The first skill is basic competency in the Internet. VARs lacking this skill face the usual build-versus-buy choice. Do you invest in the training and staff necessary to develop an in-house competency? Or establish relationships through which to subcontract with experienced Internet vendors? In selecting the former option, a VAR must make the investment in advance, because no IS manager is going to let you learn on the job.

A related effort involves taking a hard look at VAR product lines. Every computer manufacturer seems to be packaging a "Web server" to cash in on the Internet; obviously, some are better than others. Do you have superior server and networking product lines for intranets? What about application software? Developing the right products for intranet resale goes hand-in-hand with developing the expertise to support them.

A second skill set involves binding intranets to corporate IS systems, such as database, document management, facilities management, order processing, purchasing, inventory management and others. An intranet will not get far with just a Human Resources Web site and a few discussion groups that managers feel are a waste of employee time. Sometimes the business application will already exist but will require intranet access. (Existing applications will often be running on legacy systems, already an area of integration expertise for many VARs.) In other cases, the VAR will have to develop the application as part of the intranet project.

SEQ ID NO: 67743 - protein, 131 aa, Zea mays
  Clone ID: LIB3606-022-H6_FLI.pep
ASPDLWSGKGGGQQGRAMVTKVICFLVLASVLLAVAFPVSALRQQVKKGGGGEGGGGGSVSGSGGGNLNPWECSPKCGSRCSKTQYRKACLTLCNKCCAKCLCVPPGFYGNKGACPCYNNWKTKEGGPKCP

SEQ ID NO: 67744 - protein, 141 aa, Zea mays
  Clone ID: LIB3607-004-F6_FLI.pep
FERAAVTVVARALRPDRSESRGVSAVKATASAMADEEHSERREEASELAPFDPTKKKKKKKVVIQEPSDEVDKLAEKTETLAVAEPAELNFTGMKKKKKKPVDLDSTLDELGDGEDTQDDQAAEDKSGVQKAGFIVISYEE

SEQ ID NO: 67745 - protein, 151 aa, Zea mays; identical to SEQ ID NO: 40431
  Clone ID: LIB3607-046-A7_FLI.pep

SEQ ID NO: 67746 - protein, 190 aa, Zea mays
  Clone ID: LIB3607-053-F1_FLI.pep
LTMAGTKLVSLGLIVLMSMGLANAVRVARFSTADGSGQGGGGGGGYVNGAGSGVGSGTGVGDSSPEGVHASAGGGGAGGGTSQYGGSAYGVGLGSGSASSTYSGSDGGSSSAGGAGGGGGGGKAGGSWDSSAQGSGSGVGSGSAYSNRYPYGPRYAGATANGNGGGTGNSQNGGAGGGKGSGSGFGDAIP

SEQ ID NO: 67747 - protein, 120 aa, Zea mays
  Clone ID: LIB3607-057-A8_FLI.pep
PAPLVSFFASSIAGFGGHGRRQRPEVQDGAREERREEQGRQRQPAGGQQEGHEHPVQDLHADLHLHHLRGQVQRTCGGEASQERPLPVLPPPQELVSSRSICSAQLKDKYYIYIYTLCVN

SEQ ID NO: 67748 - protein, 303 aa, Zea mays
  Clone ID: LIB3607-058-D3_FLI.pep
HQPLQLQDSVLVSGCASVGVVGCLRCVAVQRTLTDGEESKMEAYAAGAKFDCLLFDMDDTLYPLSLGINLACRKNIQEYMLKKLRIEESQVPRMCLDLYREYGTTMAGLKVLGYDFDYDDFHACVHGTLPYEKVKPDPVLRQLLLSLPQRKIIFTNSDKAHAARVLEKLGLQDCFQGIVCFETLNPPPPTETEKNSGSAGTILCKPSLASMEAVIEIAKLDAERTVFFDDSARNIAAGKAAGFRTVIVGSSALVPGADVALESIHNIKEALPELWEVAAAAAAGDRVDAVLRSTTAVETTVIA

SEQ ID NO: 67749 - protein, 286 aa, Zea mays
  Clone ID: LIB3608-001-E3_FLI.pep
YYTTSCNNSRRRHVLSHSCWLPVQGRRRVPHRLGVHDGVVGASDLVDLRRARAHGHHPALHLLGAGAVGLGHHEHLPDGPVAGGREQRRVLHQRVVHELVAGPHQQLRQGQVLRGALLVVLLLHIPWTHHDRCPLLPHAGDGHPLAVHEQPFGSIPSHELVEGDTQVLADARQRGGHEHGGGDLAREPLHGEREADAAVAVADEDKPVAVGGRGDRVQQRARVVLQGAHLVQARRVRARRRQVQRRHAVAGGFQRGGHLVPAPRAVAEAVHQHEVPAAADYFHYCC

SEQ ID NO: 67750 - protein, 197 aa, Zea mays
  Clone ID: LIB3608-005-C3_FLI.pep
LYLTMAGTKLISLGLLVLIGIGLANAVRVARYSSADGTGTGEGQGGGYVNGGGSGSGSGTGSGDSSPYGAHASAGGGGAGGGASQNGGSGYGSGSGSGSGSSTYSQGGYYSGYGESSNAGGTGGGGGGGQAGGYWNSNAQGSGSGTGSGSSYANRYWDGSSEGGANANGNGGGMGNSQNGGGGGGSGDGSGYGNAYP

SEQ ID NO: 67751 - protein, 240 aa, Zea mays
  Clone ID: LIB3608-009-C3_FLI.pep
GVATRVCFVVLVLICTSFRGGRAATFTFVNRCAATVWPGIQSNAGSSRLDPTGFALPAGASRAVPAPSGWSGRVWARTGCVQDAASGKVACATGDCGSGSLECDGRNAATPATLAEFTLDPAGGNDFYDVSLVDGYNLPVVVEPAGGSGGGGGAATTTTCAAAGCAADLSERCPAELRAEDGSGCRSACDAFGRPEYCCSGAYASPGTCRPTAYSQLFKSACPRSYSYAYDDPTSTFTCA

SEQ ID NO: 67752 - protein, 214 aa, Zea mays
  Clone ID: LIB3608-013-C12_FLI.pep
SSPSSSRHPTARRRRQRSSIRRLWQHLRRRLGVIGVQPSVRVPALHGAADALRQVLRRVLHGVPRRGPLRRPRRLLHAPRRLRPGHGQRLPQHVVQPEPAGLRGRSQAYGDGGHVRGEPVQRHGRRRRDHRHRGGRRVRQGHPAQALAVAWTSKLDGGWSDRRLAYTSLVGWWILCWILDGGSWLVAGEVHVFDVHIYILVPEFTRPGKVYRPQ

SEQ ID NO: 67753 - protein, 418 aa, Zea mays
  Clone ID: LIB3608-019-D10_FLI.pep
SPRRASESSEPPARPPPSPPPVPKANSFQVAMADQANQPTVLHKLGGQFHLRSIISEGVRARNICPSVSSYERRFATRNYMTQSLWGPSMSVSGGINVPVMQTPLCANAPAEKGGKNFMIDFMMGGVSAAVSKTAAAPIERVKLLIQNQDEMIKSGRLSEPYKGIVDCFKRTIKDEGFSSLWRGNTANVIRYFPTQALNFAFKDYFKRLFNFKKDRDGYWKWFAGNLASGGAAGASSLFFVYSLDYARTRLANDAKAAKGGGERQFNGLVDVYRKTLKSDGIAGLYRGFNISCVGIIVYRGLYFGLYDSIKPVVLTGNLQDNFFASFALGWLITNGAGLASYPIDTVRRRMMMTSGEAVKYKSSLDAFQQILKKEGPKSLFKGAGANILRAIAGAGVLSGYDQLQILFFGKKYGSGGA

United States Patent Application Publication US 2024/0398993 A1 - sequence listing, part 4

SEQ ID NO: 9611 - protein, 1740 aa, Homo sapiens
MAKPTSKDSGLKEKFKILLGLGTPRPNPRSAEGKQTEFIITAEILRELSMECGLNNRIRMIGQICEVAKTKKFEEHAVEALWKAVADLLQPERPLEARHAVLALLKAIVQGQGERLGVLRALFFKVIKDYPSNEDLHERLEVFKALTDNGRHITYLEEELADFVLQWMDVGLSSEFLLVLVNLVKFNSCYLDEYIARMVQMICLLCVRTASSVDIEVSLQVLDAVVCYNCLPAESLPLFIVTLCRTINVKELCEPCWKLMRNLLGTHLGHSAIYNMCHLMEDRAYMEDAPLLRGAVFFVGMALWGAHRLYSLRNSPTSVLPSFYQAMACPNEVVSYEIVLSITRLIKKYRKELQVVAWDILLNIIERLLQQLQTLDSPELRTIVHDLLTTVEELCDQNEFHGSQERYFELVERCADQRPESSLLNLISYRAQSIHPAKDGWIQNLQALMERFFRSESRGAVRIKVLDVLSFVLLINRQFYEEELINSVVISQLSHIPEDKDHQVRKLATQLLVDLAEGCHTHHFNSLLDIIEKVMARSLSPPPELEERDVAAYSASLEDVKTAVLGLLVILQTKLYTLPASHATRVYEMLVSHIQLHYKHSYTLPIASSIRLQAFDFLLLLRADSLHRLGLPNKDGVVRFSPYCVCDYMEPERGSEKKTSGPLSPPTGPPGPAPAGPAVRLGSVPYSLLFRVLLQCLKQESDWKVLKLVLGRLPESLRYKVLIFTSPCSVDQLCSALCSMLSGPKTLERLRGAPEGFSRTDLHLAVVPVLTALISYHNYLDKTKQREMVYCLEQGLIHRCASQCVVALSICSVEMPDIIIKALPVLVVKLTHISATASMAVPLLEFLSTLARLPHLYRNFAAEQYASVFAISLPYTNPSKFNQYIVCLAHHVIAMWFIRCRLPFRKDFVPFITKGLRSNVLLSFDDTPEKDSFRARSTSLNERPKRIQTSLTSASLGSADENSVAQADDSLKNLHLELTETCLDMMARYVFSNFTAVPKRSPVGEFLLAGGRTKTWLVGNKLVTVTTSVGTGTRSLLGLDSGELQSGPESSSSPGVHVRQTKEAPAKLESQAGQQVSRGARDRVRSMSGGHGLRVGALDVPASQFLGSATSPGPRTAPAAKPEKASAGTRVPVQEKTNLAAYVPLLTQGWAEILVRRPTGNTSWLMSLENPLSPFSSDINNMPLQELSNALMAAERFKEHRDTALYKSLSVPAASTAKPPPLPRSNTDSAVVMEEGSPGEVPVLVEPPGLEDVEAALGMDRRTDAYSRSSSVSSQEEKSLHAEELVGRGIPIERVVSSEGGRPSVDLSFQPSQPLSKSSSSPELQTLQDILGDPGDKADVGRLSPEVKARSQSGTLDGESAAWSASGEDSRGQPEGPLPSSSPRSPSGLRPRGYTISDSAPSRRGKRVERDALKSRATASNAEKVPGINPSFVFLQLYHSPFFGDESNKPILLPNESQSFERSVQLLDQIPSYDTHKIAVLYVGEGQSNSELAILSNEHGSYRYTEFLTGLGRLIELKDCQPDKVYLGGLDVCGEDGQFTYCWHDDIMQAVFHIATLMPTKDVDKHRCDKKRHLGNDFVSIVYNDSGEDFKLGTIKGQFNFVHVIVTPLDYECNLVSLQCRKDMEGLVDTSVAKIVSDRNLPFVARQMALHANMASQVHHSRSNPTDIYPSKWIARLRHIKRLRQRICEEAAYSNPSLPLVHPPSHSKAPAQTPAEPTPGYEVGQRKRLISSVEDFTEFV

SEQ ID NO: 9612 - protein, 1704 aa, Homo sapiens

The third key skill is in the area of security. Intranets deliver the most value when they successfully combine three classes of access. First, open public access to product and service descriptions, press and investor relations material and other public information are a basic requirement for any enterprise wishing to realize the basic advantages of an Internet presence.

Second, restricted public access is required for Internet users seeking specific services and information based on their unique relationships to the enterprise. These may be product owners needing service, vendors exchanging order information or customers seeking to execute a transaction. Each of these forms of access must be kept separate from the other.